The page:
Résumé AimAssessing the spatial structure and dynamics of marine populations is still a major challenge in ecology. The need to manage marine resources from ecosystem and large-scale perspectives is recognized, but our partial understanding of oceanic connectivity limits the implementation of globally pertinent conservation planning. Based on a biophysical model for the entire Mediterranean Sea, this study takes an ecosystem approach to connectivity and provides a systematic characterization of broad-scale larval dispersal patterns. It builds on our knowledge of population dynamics and discusses the ecological and management implications. LocationThe semi-enclosed Mediterranean Sea and its marine ecosystems are used as a case study to investigate broad-scale connectivity patterns and to relate them to oceanography and population dynamics. MethodsA flow network is constructed by evenly subdividing the basin into sub-regions which are interconnected through the transport of larvae by ocean currents. It allows for the computation of various connectivity metrics required to evaluate larval retention and exchange. ResultsOur basin-scale model predicts that retention processes are weak in the open ocean while they are significant in the coastal ocean and are favoured along certain coastlines due to specific oceanographic features. Moreover, we show that wind-driven divergent (convergent, respectively) oceanic regions are systematically characterized by larval sources (sinks, respectively). Finally, although these connectivity metrics have often been studied separately in the literature, we demonstrate they are interrelated under particular conditions. Their integrated analysis facilitates the appraisal of population dynamics, informing both genetic and demographic connectivities. Main conclusionsThis modelling framework helps ecologists and geneticists to formulate improved hypotheses of population structures and gene flow patterns and to design their sampling strategy accordingly. It is also useful in the implementation and assessment of future protection strategies, such as coastal and offshore marine reserves, by accounting for large-scale dispersal patterns, a missing component of current ecosystem management.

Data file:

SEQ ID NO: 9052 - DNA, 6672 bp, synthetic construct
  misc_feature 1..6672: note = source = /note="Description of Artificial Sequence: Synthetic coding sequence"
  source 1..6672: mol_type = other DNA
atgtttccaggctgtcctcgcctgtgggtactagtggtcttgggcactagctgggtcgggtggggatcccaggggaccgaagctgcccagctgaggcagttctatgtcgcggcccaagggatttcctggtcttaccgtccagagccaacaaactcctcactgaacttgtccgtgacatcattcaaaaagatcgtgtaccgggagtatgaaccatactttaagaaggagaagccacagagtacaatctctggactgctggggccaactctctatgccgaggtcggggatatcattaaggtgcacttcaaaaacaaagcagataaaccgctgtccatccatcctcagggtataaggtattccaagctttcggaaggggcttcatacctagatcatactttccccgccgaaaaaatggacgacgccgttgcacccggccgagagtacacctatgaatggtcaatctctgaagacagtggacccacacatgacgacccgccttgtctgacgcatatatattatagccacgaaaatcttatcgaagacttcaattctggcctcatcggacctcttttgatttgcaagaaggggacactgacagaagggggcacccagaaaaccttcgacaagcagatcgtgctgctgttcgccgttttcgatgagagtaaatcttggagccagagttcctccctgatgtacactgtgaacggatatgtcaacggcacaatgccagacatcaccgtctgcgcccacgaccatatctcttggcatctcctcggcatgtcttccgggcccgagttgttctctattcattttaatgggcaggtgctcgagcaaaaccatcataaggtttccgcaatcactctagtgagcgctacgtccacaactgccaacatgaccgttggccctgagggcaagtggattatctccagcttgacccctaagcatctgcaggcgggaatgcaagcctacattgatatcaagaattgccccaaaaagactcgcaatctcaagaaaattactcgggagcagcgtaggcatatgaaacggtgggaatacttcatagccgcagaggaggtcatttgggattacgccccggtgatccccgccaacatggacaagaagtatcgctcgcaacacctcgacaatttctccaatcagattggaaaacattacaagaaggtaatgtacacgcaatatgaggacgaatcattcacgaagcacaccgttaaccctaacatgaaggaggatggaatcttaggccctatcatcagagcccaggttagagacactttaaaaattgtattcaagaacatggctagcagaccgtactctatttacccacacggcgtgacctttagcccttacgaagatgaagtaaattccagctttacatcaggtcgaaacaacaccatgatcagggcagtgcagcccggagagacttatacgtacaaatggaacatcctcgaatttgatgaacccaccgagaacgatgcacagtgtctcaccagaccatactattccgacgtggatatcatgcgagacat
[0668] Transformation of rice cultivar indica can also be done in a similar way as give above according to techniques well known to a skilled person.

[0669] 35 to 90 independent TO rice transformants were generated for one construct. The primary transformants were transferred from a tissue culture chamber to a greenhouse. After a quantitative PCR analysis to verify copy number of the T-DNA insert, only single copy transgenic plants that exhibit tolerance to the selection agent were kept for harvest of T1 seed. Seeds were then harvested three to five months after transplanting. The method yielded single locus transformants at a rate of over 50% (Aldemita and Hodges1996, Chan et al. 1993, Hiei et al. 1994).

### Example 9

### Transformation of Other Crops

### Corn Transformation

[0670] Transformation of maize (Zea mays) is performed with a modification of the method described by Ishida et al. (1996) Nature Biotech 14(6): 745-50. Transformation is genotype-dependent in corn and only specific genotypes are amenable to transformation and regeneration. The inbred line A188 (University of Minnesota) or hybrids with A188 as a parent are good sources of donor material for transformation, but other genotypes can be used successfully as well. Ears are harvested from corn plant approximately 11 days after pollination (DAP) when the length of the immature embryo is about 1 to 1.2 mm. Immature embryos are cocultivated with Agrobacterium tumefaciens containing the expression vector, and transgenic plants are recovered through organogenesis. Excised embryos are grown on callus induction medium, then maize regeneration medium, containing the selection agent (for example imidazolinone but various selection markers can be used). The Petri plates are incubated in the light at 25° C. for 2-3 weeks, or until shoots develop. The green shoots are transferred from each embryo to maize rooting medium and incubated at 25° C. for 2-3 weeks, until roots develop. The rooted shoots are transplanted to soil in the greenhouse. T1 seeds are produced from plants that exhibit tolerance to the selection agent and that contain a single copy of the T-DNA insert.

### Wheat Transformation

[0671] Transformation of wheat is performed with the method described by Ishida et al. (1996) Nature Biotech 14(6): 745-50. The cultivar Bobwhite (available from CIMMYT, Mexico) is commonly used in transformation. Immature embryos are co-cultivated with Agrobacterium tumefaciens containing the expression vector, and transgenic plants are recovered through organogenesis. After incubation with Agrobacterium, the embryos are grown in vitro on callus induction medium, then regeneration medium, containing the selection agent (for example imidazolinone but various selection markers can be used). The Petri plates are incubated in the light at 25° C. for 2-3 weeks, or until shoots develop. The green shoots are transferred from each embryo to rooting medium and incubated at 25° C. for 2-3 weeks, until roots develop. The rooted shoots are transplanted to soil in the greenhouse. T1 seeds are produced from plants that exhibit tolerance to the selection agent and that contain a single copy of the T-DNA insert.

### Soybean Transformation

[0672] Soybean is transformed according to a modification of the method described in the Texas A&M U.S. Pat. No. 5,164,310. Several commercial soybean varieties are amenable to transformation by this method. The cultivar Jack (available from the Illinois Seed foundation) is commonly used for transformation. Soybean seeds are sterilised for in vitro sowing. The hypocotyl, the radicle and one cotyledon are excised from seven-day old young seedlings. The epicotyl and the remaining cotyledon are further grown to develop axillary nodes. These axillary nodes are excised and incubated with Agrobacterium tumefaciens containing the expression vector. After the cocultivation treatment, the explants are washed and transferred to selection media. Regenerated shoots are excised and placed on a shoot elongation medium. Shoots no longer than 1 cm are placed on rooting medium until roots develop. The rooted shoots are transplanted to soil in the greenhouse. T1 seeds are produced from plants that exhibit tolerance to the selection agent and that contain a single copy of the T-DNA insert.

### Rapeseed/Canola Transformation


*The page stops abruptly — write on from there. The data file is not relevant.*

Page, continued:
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Editeur Lieu de Publication Éditeur
Langue English Langue du Résumé Titre Original
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Volume de collection Numéro de collection Edition
ISSN 1466-822x ISBN Médium
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Numéro d'Appel MARBEC @ alain.herve @ collection 1655